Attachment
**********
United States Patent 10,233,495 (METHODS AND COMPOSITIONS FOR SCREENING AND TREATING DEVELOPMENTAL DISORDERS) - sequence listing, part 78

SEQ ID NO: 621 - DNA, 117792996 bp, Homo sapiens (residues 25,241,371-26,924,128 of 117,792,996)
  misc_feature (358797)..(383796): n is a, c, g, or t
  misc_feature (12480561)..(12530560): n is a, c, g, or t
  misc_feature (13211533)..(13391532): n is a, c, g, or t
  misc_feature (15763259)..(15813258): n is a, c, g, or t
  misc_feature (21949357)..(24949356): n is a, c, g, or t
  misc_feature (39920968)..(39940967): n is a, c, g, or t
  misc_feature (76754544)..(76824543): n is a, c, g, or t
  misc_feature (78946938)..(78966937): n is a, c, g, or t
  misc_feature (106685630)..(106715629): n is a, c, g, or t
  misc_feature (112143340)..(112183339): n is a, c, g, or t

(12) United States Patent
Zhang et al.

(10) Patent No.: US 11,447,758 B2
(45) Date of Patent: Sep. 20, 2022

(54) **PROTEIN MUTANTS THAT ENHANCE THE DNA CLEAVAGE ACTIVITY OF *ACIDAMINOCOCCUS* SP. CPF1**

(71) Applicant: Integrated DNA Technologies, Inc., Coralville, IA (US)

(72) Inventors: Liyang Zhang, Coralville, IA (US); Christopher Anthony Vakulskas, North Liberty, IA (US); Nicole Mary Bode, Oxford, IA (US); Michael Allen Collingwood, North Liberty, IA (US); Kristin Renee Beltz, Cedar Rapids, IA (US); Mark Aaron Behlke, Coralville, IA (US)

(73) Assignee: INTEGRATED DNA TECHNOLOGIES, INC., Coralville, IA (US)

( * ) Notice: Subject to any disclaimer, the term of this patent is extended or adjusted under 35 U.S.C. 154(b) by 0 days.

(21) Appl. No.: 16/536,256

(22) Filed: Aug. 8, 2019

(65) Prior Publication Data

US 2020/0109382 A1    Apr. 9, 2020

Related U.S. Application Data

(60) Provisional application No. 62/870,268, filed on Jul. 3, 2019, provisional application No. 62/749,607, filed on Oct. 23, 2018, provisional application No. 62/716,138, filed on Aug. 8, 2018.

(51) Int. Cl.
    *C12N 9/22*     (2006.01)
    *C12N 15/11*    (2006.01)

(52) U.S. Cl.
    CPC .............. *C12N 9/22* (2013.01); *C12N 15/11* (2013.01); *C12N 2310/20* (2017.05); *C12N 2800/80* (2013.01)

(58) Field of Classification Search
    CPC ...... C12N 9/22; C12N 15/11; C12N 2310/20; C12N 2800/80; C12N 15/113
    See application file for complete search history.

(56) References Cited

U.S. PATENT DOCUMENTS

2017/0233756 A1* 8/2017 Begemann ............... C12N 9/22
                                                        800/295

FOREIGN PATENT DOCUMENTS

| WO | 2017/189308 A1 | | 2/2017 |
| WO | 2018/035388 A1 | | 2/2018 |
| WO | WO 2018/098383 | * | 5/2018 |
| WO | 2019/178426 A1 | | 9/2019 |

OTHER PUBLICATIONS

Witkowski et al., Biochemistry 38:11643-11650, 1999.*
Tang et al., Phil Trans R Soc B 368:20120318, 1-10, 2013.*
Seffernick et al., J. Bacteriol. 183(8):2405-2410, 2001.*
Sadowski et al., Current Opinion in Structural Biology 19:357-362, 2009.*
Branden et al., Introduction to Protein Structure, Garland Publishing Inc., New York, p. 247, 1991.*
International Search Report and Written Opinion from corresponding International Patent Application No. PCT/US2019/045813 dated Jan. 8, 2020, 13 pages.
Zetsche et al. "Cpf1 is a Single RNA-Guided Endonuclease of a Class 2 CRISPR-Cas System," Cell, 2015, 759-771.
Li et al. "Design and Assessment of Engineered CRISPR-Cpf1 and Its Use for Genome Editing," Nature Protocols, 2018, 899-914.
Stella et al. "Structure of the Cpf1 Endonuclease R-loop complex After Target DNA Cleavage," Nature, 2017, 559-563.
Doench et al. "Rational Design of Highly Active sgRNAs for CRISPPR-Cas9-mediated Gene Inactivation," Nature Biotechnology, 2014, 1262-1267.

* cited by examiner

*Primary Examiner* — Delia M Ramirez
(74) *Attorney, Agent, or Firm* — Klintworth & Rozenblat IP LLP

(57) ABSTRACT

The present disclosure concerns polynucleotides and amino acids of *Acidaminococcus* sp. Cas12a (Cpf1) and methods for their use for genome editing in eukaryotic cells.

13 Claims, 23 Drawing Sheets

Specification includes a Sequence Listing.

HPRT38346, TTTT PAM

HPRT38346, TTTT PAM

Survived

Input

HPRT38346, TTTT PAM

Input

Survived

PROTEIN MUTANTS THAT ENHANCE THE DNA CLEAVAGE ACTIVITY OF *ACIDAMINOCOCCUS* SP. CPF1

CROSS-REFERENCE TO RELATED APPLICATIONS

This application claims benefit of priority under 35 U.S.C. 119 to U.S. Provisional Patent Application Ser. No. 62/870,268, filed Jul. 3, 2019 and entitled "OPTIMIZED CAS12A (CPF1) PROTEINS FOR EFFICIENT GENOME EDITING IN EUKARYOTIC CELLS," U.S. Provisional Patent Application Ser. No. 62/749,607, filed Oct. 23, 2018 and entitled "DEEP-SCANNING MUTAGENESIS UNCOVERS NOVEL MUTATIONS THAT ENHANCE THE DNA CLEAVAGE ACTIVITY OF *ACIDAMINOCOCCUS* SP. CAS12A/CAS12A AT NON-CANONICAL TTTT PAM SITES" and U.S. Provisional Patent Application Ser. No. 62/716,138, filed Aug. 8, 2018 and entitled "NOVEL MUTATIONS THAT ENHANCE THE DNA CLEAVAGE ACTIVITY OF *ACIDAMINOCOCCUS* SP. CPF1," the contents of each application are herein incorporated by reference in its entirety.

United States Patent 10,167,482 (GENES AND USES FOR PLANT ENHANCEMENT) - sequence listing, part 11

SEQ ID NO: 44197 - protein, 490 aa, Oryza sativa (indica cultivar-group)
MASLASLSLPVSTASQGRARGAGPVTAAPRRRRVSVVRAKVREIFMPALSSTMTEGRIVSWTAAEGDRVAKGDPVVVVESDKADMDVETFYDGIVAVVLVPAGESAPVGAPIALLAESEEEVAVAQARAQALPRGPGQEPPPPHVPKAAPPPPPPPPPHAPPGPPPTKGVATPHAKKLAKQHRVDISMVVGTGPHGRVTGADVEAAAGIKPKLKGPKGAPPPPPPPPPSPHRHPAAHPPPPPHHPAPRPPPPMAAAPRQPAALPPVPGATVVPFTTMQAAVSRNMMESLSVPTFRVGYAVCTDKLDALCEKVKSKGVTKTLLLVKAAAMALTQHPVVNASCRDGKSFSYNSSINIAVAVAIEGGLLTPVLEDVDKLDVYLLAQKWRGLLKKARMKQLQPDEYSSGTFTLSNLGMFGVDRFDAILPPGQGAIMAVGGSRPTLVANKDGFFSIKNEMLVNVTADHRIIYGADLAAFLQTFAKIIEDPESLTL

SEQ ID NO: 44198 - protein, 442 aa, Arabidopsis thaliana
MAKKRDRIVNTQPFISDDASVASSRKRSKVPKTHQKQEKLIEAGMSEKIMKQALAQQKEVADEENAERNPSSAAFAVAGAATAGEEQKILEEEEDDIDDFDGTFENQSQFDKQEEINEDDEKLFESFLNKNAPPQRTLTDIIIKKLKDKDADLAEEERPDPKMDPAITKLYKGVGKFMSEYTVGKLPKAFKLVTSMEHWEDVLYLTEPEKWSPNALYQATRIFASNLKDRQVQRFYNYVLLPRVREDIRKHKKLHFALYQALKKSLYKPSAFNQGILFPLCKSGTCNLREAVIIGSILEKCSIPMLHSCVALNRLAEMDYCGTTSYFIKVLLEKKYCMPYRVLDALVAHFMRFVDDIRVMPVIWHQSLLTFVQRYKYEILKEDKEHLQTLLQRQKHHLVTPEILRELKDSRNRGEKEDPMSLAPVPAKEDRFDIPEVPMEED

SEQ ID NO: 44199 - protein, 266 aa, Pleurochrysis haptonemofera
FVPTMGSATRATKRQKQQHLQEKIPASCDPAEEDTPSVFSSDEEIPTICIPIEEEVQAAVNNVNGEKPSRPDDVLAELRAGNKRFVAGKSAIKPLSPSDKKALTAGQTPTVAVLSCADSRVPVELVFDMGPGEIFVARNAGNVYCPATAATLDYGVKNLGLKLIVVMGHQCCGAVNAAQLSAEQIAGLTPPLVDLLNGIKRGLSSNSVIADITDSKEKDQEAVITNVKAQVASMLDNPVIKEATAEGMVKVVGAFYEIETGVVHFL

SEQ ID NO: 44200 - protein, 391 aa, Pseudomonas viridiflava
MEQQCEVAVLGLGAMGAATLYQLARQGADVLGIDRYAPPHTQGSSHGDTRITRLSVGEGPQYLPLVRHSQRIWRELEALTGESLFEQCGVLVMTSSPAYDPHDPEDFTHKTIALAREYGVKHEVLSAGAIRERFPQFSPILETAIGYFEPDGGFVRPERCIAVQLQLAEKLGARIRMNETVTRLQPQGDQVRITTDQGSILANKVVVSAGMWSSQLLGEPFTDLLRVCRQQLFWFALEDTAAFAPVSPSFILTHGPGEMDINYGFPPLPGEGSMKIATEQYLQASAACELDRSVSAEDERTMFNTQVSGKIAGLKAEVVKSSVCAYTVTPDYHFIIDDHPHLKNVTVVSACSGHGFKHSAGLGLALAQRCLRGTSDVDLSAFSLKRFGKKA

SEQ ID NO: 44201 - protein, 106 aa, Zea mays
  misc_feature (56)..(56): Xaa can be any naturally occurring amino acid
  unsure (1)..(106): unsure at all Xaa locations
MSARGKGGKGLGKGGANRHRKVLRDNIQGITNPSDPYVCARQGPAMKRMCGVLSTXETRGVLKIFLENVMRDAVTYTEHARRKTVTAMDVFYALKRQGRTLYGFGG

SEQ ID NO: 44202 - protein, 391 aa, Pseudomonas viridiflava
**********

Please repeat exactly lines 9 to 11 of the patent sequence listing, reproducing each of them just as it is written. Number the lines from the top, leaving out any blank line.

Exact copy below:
  misc_feature (76754544)..(76824543): n is a, c, g, or t
  misc_feature (78946938)..(78966937): n is a, c, g, or t
  misc_feature (106685630)..(106715629): n is a, c, g, or t